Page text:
Birth of the Kingdom: Book Three of the Crusades Trilogy
Harper, 2011 (2011)
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Reviewed by Barbara Lingens
n this conclusion (translated by Steven T. Murray) to the epic tale of Arn Magnussen, Templar Knight, we learn how the land of Sweden was finally united, and how Arn and Cecilia, separated from each other for twenty years, finally were able to be married and acknowledge their son.
uthor Guillou has done an expert job of giving us the history while at the same time weaving a believable tale of love and friendship, hardship and war in those long-ago 12th-century times. The constant bickering of the clans, the positive and negative role of the Church, the political machinations of the leaders, and the conditions of the workers and serfs all spring to life from these pages.
t is no wonder that this three-volume saga has been translated into more than twenty languages. It is quite satisfactory to read of the isolation and war-like atmosphere of the northern world and see how it differed from life in the Holy Land, which in those times was also characterized by war and a different kind of isolation. The clash of beliefs was well portrayed in Guillou's second volume,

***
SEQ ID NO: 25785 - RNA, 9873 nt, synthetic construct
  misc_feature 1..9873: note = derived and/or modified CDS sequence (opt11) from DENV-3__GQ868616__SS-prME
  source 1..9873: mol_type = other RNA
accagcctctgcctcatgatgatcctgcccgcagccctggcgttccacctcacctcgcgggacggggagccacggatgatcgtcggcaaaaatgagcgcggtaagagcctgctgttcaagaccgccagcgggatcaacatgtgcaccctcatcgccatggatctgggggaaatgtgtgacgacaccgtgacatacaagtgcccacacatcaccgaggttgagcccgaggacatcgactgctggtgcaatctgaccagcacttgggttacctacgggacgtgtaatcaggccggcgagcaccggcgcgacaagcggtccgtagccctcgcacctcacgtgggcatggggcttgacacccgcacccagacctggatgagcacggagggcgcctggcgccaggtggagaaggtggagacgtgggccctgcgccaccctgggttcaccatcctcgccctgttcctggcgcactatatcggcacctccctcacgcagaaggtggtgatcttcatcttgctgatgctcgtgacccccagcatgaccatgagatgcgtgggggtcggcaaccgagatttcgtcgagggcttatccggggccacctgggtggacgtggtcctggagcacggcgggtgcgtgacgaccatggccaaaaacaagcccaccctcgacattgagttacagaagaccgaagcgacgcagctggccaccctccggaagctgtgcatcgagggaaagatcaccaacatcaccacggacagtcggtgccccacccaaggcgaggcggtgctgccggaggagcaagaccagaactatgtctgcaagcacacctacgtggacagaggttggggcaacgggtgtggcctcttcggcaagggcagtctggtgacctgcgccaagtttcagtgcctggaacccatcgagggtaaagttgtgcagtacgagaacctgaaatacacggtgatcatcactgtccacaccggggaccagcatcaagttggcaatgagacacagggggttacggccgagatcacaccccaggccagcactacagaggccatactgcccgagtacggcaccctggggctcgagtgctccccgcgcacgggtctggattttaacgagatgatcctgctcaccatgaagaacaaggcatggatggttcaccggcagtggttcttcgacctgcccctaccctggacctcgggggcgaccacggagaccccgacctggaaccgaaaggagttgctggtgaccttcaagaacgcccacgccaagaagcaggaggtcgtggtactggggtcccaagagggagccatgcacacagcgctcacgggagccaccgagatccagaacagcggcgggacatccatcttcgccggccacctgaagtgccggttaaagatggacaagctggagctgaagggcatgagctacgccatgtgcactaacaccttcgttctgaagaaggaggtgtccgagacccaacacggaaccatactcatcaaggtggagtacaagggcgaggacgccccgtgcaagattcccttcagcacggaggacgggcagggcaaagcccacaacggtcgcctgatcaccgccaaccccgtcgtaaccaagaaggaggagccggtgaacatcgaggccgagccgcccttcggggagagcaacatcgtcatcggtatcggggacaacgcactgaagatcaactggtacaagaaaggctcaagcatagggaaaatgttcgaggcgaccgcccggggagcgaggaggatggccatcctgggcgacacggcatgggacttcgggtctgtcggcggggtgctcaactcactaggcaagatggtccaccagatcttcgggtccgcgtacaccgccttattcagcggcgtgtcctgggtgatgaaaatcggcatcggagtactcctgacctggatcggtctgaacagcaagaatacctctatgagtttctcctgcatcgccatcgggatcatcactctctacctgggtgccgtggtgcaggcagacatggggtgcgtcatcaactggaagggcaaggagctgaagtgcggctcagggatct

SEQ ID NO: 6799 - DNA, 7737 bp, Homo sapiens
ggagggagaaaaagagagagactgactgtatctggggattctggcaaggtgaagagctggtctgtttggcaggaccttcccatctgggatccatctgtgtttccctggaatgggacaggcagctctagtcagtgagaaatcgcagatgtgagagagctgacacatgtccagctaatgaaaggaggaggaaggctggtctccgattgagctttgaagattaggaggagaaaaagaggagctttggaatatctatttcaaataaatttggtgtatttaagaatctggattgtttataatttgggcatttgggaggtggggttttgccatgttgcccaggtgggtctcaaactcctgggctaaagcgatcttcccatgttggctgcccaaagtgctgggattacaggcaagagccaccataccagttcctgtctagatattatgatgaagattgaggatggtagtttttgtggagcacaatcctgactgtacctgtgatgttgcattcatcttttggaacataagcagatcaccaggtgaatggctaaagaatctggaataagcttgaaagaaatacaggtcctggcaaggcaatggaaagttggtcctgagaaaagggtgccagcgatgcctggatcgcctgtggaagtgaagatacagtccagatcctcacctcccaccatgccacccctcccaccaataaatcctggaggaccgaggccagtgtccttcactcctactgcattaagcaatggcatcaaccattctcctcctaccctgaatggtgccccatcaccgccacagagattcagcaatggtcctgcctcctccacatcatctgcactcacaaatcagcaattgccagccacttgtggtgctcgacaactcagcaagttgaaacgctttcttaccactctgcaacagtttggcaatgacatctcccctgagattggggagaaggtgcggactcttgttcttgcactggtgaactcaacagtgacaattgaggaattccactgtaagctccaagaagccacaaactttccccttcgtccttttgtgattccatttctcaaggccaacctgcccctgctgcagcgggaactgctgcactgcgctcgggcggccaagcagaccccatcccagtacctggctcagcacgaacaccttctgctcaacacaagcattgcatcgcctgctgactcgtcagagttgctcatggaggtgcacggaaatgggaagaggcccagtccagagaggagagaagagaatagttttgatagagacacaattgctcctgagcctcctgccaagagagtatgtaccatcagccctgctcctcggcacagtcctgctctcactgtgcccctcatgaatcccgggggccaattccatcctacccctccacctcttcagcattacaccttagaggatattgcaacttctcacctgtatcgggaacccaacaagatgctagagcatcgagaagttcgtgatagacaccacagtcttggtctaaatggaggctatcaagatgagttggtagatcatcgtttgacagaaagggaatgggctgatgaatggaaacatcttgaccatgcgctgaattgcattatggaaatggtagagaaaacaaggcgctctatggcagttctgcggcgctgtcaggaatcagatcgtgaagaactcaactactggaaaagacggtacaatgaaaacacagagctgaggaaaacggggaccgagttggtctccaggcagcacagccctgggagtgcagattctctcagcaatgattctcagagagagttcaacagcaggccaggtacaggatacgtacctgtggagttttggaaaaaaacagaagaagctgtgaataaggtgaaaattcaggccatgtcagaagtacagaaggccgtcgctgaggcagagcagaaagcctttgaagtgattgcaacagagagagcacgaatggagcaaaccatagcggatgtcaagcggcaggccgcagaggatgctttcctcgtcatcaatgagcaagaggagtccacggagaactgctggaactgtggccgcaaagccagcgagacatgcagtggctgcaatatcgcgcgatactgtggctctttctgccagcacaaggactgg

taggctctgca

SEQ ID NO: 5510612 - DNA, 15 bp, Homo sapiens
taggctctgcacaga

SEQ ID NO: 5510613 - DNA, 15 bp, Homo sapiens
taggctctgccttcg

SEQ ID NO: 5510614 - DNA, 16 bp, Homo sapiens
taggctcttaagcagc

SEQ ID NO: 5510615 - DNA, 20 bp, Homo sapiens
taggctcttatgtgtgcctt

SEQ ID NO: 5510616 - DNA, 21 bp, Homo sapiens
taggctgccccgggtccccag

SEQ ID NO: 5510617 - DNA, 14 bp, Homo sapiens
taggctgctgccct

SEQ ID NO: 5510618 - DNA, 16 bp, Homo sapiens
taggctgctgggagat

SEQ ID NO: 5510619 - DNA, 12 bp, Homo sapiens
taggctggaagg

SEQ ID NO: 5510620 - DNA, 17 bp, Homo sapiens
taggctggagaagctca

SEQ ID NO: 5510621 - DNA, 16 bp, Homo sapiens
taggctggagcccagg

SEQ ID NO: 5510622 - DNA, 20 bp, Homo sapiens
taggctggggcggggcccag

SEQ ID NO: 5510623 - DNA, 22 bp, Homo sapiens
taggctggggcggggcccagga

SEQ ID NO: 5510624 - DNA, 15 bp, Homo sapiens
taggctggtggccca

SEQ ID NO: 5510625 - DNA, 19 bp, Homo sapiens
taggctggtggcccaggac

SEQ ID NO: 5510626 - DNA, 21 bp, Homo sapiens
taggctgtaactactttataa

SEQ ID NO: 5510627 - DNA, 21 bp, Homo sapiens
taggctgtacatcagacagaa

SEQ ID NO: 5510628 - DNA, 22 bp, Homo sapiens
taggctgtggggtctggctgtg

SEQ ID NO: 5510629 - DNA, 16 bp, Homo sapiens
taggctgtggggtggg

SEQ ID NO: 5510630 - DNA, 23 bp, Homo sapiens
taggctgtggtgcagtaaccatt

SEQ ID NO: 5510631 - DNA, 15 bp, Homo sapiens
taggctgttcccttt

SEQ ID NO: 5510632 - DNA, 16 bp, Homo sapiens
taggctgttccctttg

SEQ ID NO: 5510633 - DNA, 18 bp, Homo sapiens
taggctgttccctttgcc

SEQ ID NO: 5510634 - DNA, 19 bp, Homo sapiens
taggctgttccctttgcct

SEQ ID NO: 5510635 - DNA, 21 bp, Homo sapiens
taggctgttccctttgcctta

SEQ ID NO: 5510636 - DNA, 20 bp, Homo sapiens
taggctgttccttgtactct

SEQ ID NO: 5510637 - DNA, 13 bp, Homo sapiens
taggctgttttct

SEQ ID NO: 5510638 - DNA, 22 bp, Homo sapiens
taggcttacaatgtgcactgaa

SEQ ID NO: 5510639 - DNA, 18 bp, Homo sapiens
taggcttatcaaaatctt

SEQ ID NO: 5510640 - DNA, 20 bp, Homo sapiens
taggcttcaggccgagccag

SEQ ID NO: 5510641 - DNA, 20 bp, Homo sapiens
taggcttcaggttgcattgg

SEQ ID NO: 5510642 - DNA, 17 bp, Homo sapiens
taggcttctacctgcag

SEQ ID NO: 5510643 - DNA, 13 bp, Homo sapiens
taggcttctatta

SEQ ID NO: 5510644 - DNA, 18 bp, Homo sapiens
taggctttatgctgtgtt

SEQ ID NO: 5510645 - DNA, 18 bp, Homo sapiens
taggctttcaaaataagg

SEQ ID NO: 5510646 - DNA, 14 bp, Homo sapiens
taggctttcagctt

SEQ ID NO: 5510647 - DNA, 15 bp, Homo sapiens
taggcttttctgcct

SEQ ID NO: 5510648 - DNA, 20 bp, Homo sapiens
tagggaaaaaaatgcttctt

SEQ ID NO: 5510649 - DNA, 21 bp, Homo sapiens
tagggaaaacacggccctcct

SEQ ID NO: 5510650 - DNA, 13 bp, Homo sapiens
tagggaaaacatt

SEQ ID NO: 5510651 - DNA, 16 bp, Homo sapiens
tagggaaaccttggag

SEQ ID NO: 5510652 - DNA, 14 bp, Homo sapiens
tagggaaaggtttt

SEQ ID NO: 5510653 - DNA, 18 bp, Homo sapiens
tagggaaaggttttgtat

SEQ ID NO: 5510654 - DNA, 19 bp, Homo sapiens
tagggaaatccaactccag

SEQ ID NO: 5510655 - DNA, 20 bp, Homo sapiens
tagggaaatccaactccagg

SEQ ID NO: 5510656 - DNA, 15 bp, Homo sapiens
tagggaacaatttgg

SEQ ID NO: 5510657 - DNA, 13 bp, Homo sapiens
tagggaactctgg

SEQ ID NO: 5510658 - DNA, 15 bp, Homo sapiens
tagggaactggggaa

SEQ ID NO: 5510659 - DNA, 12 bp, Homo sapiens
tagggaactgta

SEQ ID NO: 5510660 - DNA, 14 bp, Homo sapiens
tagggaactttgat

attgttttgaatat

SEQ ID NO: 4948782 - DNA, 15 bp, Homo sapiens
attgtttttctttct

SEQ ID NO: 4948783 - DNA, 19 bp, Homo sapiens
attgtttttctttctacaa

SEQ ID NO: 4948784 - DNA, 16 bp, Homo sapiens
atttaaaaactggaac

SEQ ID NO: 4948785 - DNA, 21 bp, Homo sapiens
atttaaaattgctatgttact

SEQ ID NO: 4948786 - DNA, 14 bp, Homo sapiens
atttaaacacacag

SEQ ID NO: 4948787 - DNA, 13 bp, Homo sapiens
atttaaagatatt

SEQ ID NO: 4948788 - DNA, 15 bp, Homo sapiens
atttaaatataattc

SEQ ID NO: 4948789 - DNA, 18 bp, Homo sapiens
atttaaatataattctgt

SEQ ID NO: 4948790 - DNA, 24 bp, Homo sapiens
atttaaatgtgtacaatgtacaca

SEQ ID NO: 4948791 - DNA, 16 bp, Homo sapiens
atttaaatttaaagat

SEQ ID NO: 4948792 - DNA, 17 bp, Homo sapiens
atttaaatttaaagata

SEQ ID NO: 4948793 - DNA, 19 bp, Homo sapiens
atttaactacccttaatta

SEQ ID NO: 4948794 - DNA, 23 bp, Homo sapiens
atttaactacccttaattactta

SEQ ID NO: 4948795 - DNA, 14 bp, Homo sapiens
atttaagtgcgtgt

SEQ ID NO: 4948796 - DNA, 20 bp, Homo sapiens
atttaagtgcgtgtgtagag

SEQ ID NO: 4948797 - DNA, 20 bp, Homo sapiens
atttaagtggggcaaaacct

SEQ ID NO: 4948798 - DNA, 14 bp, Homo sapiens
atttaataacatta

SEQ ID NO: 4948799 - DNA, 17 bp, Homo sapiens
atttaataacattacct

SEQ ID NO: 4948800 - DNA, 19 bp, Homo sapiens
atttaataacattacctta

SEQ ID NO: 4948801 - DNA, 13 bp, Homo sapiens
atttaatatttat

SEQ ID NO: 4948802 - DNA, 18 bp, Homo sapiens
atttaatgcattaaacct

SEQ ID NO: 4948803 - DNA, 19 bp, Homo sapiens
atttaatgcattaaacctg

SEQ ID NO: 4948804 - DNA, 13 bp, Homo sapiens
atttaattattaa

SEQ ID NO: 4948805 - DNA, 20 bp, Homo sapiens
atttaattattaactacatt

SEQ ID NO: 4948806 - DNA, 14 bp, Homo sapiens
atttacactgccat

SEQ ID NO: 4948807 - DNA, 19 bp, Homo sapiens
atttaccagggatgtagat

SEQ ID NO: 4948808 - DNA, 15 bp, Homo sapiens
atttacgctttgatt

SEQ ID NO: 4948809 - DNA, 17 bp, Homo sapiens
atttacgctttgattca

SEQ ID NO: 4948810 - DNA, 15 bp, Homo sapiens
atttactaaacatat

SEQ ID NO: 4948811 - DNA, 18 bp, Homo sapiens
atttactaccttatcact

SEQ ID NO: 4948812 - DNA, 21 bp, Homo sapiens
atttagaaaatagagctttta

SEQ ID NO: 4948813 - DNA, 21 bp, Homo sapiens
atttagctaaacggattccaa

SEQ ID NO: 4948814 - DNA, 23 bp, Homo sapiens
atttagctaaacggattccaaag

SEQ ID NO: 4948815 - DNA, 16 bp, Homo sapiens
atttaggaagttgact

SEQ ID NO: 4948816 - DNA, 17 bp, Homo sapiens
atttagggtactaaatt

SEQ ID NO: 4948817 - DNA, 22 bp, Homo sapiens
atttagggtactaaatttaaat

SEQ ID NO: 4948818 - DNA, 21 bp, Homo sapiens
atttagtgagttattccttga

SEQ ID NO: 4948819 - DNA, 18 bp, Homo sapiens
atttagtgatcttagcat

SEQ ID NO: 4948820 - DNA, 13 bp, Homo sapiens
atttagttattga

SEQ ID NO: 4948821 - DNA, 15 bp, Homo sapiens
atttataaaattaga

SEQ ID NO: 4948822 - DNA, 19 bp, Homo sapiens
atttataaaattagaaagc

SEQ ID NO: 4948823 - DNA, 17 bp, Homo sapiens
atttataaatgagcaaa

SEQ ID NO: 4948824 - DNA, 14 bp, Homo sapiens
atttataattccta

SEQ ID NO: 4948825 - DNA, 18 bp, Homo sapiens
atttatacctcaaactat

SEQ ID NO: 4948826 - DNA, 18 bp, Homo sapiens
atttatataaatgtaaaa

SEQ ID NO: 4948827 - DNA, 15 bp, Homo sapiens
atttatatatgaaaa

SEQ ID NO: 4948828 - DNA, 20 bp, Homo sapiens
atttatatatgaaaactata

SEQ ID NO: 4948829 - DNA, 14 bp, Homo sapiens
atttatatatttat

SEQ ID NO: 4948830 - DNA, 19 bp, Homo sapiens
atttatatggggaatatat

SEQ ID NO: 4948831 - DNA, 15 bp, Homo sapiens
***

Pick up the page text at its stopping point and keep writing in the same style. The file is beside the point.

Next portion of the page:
The Templar Knight
, and in this volume we get to see how the best practices from the Islamic world could make positive changes in the lives of people in the far north, who had always fought differently and didn't understand many foreign ways.
bit unrealistic is Arn's ability to take so much loot and so many craftsmen from the Holy Land to the north. Also, Arn is really bigger than life: a great knight, thoughtful leader, pious man, loving husband and loyal friend. But these are really quibbles. We are in the hands of a masterful storyteller and a truly skilled translator, and really all we need to do is enjoy.
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